1. Cathryn says:

      Thank you. I am very grateful for the all clear.

  6. Layla says:

    What a nerve-wracking weekend that must have been! And then the various medical people — I think I would have started crying as soon as they asked for more pictures. I’m so glad you’re okay!!

    1. Cathryn says:

      Thanks 🙂 I did freak out when they asked for more pictures, I thought that was pretty much it! I’m a bit weepy tonight (the champagne’s not helping). Hugely relieved but also thinking of people whose diagnosis was not as perky. My world could be looking very different. Thanks for the lovely comment.

  7. Rachel says:

    So very glad you got good news about your ‘girls’! I went to the docs 7 yrs ago with lumps expecting ‘it’s nothing’ but ended up in LGI in a cold sweat having the same tests. I left the hospital overjoyed to have cysts and aware not all the ladies I’d been sat with would be so lucky. I was told to look for any changes, thanks for the timely reminder to keep checking Cat x

    1. Cathryn says:

      I wasn’t able to meet the eyes of the other ladies around the department. I knew not all of us would go home happy. SO glad you’re okay too.

  8. Erin says:

    Typing while pumping (boob stuff for days!) buuuuuut so happy to read that all is well. I gotta start that mammo stuff earlier because both my mom and grandma had breast cancer (interestingly enough, not because of a genetic mutation — sheer coincidence). Crazy to think how different this could have transpired for you in the absence of technology and modern medicine. Glad you’re ok! Hang in there!

    1. Cathryn says:

      Thanks!! Yes, do get on the mammogram stuff. It’s not much fun (I’m still hurting 24 hours later) but worthwhile. Not jealous of the pumping.

  9. bt says:

    Very very glad to know that all is well!

  10. I’m glad everything is fine. It may not be the regular running blog post but, really, I do like you speak about that kind of things. It’s important and it’s nice to read about it in a “norma” kind of way instead of trying to find out on the internet, just like that.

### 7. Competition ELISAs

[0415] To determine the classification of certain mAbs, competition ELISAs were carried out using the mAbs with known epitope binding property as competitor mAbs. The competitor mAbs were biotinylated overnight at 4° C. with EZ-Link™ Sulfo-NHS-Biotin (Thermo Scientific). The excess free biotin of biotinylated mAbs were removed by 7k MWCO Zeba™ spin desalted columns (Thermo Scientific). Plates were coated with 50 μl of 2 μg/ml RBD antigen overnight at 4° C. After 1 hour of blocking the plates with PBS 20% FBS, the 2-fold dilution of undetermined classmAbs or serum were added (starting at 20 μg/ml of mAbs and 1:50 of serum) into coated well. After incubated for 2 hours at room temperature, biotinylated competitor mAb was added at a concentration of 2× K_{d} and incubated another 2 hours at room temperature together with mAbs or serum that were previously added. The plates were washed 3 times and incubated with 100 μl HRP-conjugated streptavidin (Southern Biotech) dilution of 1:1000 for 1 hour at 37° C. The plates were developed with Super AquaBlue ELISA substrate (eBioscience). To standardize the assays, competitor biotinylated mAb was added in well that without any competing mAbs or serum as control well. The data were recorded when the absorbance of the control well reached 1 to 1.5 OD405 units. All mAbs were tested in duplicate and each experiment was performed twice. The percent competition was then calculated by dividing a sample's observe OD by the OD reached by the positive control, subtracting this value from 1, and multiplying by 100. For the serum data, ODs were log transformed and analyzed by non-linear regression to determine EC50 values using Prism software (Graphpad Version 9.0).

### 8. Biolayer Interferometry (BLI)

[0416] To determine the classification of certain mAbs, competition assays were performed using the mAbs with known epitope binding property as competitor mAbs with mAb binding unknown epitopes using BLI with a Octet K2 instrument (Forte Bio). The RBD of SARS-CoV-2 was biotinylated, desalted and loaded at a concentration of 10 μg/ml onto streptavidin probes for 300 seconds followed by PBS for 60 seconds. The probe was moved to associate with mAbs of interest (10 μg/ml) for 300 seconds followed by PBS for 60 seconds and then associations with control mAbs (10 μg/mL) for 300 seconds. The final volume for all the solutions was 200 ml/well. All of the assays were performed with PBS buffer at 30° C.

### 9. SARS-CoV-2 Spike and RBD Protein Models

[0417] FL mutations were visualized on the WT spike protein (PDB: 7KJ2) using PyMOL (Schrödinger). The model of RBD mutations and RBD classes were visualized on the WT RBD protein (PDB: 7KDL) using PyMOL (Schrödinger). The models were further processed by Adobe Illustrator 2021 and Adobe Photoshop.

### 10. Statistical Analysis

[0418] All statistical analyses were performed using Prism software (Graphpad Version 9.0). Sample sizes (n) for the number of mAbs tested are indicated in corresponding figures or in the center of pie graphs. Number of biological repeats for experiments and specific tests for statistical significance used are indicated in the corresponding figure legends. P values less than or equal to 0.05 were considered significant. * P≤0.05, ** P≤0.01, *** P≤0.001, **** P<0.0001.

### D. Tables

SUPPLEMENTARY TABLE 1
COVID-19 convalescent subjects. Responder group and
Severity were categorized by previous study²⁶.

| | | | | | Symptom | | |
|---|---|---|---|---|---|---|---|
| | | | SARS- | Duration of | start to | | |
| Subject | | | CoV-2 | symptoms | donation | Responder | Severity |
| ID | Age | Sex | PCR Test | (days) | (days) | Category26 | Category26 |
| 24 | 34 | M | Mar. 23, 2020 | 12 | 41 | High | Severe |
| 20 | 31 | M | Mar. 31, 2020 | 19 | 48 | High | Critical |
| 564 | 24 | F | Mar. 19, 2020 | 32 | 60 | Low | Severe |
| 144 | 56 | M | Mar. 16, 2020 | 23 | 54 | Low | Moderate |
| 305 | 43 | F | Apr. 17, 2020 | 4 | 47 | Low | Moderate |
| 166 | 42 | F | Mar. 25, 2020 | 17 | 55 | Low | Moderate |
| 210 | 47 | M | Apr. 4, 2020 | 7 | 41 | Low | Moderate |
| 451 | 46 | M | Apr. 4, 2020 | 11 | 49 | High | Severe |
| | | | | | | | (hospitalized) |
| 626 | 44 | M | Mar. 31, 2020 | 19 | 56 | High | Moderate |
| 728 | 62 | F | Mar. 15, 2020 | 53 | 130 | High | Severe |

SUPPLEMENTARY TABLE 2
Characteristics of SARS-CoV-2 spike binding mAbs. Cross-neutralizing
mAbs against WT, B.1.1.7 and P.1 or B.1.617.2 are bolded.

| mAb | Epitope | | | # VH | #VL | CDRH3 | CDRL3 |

11. Paulette says:

    This is so scary – really glad to hear everything is ok. I needed the reminder on doing my own exams too, had no idea about the laying down part.

    1. Cathryn says:

      ME NEITHER!!!! Thanks for helping me feel like I wasn’t the only one!

  12. Ah, who needs that kind of stress! I’m glad you are okay. I’ve had health scares in the past, and even if I was okay in the end, the stress itself could have made me sick! Thank you for sharing and reminding us to be attentive to our bodies.

    1. Cathryn says:

      Thank you so much. Yes it was a bit stressful!! I hadn’t realized how stressed I was until I was told it was all okay and then I couldn’t stop crying for a bit. Happy Thanksgiving!

  13. Bean says:

    Ahhh how scary. So sad you had to go through that. I am glad all is well. Boobs are such a pain.

  14. Nic J says:

    Glad all is ok! I know how scary it can be. What I’d probably throw in as my two penn’orth is “know what is normal”. We’re all different, and the key (and this is the same for the chaps and their tackle as well) – know what they should feel like, and then look out for anything that isn’t that; isn’t normal. That may not be flagged when lying down. Mine wasn’t. The GP couldn’t find anything when I was lying down but Keith found it almost instantly while I was stood up. And it’s not just lumps – puckering, wrinkling, staining, unusual pigmentation – Grandma’s was a puckering of skin in a patch. So check yourself regularly and get to know your ‘girls’. The more we know, the sooner we notice what’s normal and what’s not, get it fixed, and the sooner we can have good news stories like this! xx

    1. Cathryn says:

      Good helpful stuff, thank you!

  15. Angela says:

    AHHHH I am so, so sorry you had to go through that!!! How horrible. So glad to hear all is well (in spite of all the smooshing/picture taking). My aunt had a scare a few years ago and I know it was a terrible few days for her. Hugs!

    1. Cathryn says:

      Thank you! Glad it worked out well for me and your aunt. x

  16. Caitlin says:

    I’m way behind on my blog reading but I just wanted to pop in to say I’m so glad to hear that bump was nothing! Thanks for the reminder about being vigilant when it comes to our boobs!

Leave a Reply

Fill in your details below or click an icon to log in:

WordPress.com Logo

You are commenting using your WordPress.com account. Log Out /  Change )

Google+ photo

You are commenting using your Google+ account. Log Out /  Change )

Twitter picture

You are commenting using your Twitter account. Log Out /  Change )

Facebook photo

You are commenting using your Facebook account. Log Out /  Change )


Connecting to %s